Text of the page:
The duplex on Fargo Street is bigger and nicer than the safe house in Toledo, and after the security details leaves, Finn—or Isaac, as he really needs to start thinking of himself—really does feel almost like a free man. A lonely man, with a small suitcase of clothing he’s owned for less than two months and furniture that came with the rental, but there’s no handcuffs, no guns, no armed agents or officers. He can walk across the street to the park, drive his newly-leased truck if he wants to, go to the grocery store, go to work.
Agent Harris felt, and Finn agreed, that continuing in education wasn’t the best course of action for him. He’d never given much thought to construction, but he’s a big enough guy, it doesn’t require a lot of math or book smarts, and he gets along well with people, so with a little bit of work history from the Marshals, Finn finds himself the newest man on a residential construction crew.
Finn enjoys the work. He likes working with his hands and being out in the sun, and after over a month of being functionally housebound, he rolls up his sleeves and starts working on his tan. He gets asked out for drinks at 13th Street Pub with Doug and Cliff most Fridays. It feels good to make friends, even if nearly everything he tells them about himself is a lie. Isaac isn’t from Lima, Ohio. Isaac doesn’t have parents, a brother, a best friend that he’ll never see again. Isaac never did something so stupid, or got himself in so deep, that he had to leave the people he loved behind, crying over a wooden box with nobody in it.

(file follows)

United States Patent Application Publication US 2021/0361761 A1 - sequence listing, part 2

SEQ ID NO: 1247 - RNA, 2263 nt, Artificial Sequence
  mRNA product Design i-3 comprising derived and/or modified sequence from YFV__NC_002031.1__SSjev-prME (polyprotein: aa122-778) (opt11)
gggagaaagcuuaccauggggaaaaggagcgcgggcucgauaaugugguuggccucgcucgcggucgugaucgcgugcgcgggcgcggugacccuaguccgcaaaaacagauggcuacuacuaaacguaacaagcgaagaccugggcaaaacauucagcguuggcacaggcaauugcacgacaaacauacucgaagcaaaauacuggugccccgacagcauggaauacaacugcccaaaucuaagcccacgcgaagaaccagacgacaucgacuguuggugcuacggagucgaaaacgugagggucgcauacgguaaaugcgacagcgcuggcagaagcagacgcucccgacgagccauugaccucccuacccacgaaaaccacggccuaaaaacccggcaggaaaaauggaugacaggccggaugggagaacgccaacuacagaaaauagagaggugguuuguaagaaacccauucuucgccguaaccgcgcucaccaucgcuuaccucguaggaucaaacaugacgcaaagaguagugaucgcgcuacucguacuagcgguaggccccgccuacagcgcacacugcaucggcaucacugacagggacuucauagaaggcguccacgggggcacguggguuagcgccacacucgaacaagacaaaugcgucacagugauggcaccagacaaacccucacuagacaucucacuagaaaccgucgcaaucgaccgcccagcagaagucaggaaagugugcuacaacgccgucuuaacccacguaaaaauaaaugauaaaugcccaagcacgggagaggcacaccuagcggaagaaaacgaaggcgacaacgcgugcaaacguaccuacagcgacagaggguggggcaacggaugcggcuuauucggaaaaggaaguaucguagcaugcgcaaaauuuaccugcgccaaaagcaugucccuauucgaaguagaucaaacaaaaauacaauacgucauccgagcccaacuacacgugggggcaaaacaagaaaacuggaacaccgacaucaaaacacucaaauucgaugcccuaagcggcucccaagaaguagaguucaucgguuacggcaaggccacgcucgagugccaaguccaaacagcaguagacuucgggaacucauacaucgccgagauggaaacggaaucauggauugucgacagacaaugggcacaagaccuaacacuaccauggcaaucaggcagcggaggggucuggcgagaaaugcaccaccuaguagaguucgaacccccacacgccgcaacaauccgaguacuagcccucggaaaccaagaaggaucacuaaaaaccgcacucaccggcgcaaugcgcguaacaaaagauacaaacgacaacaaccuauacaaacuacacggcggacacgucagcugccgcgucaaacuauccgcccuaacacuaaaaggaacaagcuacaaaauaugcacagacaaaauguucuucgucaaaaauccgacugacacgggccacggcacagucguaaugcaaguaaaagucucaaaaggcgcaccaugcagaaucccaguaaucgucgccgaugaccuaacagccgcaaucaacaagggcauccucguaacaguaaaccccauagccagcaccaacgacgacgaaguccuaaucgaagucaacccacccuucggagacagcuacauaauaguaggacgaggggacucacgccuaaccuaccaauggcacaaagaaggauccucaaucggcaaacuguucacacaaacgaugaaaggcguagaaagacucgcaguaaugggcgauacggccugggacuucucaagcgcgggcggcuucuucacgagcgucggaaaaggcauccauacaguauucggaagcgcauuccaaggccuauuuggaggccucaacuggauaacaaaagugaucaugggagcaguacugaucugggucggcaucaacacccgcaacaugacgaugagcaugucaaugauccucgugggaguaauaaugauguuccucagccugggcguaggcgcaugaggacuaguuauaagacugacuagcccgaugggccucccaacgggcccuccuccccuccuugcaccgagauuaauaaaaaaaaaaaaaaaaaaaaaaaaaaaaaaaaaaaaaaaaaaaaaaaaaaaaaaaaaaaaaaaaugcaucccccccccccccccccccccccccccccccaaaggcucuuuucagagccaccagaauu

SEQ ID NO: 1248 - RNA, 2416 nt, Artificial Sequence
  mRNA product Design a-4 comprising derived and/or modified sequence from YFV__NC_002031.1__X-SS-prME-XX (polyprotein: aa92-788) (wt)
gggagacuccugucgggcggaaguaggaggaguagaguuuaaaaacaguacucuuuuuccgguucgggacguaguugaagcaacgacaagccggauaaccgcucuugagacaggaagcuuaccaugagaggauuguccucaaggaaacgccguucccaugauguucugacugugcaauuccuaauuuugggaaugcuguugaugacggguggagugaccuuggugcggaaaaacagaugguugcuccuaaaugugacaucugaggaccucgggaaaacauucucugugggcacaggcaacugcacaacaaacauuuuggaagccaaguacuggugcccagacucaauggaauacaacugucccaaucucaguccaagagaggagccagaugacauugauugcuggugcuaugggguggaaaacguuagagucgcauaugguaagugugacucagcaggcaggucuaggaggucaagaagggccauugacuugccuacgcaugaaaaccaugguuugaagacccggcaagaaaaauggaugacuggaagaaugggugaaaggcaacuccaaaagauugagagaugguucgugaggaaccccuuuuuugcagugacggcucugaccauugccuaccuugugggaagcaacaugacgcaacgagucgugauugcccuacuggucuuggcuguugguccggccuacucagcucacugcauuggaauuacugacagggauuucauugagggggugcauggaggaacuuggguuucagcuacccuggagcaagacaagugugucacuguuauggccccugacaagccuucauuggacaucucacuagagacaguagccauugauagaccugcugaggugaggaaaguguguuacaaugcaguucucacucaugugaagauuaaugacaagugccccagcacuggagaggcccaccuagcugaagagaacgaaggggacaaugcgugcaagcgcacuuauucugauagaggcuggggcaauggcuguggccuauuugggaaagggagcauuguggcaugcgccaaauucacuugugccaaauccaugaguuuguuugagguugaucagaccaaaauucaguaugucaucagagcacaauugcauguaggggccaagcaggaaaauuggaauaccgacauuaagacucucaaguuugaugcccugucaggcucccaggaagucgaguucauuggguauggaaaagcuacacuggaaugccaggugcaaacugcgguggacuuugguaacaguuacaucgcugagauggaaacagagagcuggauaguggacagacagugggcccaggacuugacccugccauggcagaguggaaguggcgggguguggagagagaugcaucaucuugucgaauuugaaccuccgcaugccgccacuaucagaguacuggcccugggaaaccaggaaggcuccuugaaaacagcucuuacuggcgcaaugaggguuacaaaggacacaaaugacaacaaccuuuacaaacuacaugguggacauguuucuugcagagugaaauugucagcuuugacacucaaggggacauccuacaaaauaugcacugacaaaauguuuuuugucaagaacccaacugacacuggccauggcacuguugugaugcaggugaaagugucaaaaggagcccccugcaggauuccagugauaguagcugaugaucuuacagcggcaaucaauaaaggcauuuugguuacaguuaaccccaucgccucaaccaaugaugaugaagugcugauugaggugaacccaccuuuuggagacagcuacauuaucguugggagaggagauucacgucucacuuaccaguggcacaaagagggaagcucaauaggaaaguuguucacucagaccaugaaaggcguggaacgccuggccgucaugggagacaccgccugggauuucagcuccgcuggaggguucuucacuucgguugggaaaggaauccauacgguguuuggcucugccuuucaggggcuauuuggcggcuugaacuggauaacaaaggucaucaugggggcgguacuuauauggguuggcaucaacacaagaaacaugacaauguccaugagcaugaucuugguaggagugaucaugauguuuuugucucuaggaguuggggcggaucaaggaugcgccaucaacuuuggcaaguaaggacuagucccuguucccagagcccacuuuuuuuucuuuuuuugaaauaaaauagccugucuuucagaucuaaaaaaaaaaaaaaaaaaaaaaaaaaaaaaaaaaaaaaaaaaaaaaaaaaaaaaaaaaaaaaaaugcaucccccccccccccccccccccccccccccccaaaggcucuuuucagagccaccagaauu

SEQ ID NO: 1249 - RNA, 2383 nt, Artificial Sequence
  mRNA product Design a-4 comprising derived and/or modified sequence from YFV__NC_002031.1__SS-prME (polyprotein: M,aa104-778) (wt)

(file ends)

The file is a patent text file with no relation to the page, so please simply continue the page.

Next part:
When Finn shows up to the job site sporting a fresh bandage on his shoulder, Doug peels down the corner for a peek, then asks him what it means. Finn shrugs and shoulders a two-by-four.
“Means what it means,” he says, because even if he could explain about what and who he’s left behind, he still can’t really explain what the tattoo means. He shrugs a second time and adds, “My heart on my sleeve, man.”
Finn’s favorite part of working construction is making the runs to Capital Lumber to pick up wood, tools, anything else they’re running short of at the job site. The guy he usually deals with, Jerry, walks Finn through the items on his list if he doesn’t know what they are, which isn’t completely outside the realm of possibility, despite Isaac’s work history in construction. Finn likes driving the construction truck with the windows rolled down after he’s been at Capital, smelling the pine planks on the flatbed behind him.
The duplex still doesn’t feel like home, and maybe it never will. He’s still got a few months before he has to find his own place, but with what he’s saving and the good credit history the US Marshals gave him, he might be able to buy his own duplex, or maybe even a little house he can fix up. He knows how to do that now. He can make something new here for himself, a home, even if he’s the only one who’ll be living in it.